Dems and GOP v. Conservatives

Member Group : Jerry Shenk

There is little in modern liberalism to match the rich intellectual tradition of classical conservatism.

America’s founding documents are conservatives’ cornerstones, but modern conservative thought is also grounded in ancient teachings of Confucius (551-479 BC) and Cato the Elder (234-149 BC). John Locke (1632-1704) and Edmund Burke (1729-1797) inspired modern conservatism. Conservative, free market economic principles are expressed in the works of economists Adam Smith (1723-1790), Friedrich Hayek (1899–1992), Ludwig von Mises (1881–1973) and Nobel Laureate Milton Friedman (1912-2006).

America’s progressive (modern "liberal") phenomenon is a more recent, post-, often anti-constitutional development with roots in both major parties.

Progressives, the predecessors of modern left-wing agitators, appeared in the late 1800s protesting rapid industrialization, and gradually gained influence. Republican President (1901-1909) Teddy Roosevelt first called for a "Progressive" revolution in politics, economics and society, and a radical expansion of governmental control. But many American progressives/liberals trace their political genesis to Democratic President (1913-1921) Woodrow Wilson. At Princeton University, Wilson, then a professor of political science, taught that there are no principled, even constitutional limits to government’s powers.

Somewhat analogous to the European monarchic tradition from which America liberated itself and Europe’s 20th Century tendency to dictatorial centralization (Russia, Italy, Spain, Germany), Roosevelt’s and Wilson’s strong-executive, big-government philosophies were antithetical to America’s founding principles.

Nonetheless, Roosevelt and Wilson reached receptive audiences. During the rapid industrialization and urbanization of 1880-1920, America received more than 20 million immigrants, the majority from Central, Eastern and Southern Europe, few of whom possessed even rudimentary understanding of America’s founding values and to whom strong, centralized governments were commonplace.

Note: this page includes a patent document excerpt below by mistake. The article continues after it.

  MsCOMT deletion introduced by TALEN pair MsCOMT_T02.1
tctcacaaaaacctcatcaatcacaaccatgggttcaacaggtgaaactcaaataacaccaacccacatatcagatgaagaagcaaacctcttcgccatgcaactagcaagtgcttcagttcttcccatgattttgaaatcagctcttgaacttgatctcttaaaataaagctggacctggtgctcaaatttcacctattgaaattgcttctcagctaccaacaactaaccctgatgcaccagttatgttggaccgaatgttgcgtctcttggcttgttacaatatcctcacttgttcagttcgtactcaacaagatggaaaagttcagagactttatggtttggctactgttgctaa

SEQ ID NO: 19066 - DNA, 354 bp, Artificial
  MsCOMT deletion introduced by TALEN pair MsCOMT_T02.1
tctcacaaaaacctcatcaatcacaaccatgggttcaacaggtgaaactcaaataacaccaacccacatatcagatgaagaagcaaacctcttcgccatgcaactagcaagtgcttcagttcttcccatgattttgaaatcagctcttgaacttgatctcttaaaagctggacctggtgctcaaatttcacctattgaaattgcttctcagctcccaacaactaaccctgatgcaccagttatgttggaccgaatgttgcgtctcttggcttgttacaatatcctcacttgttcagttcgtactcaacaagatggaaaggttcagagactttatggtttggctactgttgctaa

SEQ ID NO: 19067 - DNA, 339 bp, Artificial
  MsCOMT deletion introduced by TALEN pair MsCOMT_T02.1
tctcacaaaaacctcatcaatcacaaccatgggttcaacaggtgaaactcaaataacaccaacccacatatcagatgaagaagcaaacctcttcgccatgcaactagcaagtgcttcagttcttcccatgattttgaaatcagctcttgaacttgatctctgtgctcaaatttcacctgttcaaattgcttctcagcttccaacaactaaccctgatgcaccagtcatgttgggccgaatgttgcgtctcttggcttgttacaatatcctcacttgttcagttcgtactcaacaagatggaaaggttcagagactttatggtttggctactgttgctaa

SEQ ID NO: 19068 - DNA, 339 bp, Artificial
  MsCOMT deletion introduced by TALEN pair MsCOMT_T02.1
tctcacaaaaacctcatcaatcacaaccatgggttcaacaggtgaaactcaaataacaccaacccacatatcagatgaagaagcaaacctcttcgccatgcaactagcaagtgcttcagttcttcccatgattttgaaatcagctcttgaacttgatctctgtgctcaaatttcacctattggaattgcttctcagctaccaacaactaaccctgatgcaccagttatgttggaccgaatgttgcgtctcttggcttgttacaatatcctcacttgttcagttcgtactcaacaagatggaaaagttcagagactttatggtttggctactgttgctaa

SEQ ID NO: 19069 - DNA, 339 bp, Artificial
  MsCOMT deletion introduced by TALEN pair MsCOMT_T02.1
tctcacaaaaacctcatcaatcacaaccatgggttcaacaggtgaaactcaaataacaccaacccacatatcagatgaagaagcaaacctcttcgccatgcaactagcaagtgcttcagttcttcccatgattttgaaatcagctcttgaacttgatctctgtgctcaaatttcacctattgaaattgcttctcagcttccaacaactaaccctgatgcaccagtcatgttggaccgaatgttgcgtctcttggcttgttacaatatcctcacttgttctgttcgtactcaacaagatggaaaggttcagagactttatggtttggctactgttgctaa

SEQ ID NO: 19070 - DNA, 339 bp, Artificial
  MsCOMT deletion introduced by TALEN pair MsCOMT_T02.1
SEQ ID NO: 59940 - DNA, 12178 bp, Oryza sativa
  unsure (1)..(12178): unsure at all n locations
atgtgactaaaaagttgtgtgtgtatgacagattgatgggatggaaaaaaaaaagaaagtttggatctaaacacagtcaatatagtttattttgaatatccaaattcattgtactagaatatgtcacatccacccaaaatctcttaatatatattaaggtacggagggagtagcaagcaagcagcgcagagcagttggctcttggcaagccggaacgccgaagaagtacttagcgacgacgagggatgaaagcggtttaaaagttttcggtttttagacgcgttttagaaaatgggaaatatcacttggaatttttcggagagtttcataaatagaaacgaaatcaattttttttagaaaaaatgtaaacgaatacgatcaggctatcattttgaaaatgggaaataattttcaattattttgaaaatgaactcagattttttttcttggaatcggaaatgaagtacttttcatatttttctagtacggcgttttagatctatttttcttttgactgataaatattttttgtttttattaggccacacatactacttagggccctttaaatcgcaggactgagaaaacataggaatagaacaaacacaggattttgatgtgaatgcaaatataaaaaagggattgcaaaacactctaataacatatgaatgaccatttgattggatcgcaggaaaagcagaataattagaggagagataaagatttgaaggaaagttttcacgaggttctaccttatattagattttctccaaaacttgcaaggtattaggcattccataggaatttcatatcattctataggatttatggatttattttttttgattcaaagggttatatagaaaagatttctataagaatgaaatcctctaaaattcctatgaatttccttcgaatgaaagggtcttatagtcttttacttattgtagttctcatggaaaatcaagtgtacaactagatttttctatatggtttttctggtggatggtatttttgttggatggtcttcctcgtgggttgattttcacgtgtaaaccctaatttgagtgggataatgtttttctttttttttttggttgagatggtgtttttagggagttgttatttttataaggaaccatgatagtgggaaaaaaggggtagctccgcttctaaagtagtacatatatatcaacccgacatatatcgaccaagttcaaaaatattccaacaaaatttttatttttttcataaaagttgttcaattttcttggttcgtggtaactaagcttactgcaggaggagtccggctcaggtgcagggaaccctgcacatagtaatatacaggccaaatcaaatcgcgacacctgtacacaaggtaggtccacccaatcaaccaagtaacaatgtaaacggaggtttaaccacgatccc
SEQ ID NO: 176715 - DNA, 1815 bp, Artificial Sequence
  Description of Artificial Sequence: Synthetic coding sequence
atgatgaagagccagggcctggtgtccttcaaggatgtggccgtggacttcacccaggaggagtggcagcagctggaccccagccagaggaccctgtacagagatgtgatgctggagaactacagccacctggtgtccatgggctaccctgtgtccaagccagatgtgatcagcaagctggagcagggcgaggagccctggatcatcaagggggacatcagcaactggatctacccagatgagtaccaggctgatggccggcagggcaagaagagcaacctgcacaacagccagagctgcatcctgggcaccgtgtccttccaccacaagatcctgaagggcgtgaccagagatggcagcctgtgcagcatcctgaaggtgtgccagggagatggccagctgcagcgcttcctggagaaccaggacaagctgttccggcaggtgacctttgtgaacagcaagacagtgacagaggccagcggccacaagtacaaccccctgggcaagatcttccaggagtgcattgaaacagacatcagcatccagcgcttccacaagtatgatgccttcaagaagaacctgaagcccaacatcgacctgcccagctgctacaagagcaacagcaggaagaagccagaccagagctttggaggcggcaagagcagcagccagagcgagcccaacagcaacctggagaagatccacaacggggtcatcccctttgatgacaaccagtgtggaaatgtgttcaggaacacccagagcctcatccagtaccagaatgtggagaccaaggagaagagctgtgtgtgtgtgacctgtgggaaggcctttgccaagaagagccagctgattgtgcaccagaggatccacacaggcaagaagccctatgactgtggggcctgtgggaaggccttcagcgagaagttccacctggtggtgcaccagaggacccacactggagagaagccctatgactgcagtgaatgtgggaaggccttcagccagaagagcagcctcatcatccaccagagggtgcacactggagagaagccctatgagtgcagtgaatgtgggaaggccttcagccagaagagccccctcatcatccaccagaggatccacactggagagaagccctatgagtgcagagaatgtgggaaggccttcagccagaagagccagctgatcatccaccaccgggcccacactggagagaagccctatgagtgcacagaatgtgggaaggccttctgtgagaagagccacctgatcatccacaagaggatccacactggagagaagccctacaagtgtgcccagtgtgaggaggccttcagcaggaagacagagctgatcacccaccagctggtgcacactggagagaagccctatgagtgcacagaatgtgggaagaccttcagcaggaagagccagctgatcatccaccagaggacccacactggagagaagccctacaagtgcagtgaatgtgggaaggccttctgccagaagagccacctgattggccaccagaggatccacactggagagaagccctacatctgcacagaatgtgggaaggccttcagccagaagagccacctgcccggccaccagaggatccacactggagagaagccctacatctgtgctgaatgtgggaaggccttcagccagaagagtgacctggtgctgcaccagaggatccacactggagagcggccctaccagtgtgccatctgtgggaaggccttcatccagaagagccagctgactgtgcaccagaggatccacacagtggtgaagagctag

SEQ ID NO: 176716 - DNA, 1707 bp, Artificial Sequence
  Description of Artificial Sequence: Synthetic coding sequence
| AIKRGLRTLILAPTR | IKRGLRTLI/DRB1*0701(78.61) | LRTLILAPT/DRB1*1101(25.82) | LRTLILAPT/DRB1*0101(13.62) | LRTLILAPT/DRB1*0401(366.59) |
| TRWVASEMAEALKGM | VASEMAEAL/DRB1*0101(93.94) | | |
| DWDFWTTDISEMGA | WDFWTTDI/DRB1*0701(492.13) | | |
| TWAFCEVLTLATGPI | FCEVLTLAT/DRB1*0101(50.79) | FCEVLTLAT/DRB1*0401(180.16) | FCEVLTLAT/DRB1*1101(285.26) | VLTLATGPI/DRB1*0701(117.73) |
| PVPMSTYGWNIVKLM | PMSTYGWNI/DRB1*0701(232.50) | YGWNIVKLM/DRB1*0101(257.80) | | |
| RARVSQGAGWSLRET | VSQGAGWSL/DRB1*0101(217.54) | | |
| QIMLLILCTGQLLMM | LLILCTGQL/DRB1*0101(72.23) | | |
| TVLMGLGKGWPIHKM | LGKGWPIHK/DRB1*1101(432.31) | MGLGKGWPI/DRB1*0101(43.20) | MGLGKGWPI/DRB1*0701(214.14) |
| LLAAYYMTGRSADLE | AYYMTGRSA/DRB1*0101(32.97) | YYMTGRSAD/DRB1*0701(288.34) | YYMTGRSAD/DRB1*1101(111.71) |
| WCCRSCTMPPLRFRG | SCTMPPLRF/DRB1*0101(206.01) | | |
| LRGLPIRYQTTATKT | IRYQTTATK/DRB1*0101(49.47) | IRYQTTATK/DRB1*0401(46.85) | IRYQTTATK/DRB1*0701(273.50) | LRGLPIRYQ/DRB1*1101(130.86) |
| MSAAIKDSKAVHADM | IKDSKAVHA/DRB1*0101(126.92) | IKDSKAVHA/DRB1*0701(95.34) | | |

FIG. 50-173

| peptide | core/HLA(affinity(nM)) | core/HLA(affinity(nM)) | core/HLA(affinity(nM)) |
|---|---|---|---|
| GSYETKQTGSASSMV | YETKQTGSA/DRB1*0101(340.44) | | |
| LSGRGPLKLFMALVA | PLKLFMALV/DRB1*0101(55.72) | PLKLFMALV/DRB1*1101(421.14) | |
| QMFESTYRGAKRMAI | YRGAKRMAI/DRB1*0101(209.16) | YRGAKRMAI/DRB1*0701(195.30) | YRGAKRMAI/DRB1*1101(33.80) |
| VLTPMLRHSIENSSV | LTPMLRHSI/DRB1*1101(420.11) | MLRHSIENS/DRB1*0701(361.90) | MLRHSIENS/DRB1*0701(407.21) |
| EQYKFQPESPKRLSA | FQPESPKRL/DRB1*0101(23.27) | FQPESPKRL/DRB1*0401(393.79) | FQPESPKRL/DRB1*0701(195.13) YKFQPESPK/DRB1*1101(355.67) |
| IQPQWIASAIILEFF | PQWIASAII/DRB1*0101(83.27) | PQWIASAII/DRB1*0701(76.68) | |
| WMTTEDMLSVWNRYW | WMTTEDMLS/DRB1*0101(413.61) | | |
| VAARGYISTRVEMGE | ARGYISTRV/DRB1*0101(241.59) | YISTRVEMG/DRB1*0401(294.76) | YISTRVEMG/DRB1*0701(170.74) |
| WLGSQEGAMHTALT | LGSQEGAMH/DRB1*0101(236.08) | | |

Having inherited Wilson’s war debt and a recession, President Warren Harding cut spending in 1921, and righted the economy. Upon Harding’s death in 1923, his successor, Calvin Coolidge, further reduced government spending, cut taxes, balanced budgets and governed a booming America.

Respectful of government’s constitutional limits, fiscal hawks Harding and Coolidge were arguably America’s last truly-conservative limited-government presidents.

But, after Franklin Roosevelt became president, the Supreme Court undermined the framework of limited and enumerated federal powers central to our Constitution by approving his overambitious "New Deal."

Since then, liberals in both major parties have been so successful at expanding government that, today, the national debt exceeds America’s Gross Domestic Product. Our government has become a ubiquitous, massively-intrusive, increasingly-repressive political, social and cultural presence unwelcome to Americans who believe government controls too much.

As government grew, so did the political stakes, the opportunities for graft and the spoils of power. Today, Democrat and Republican antagonists argue less over the size and reach of government than they do over the rate at which government will expand and who will hold and pull the levers of power.

For now, Republicans are in charge. Do enough Republicans still understand conservative principles and possess enough wisdom to reverse the prior administration’s liberal, extralegal excesses that enabled GOP majorities? Will congressional Republicans scale back government and reduce spending in which their own members were complicit?

They had better. America is watching.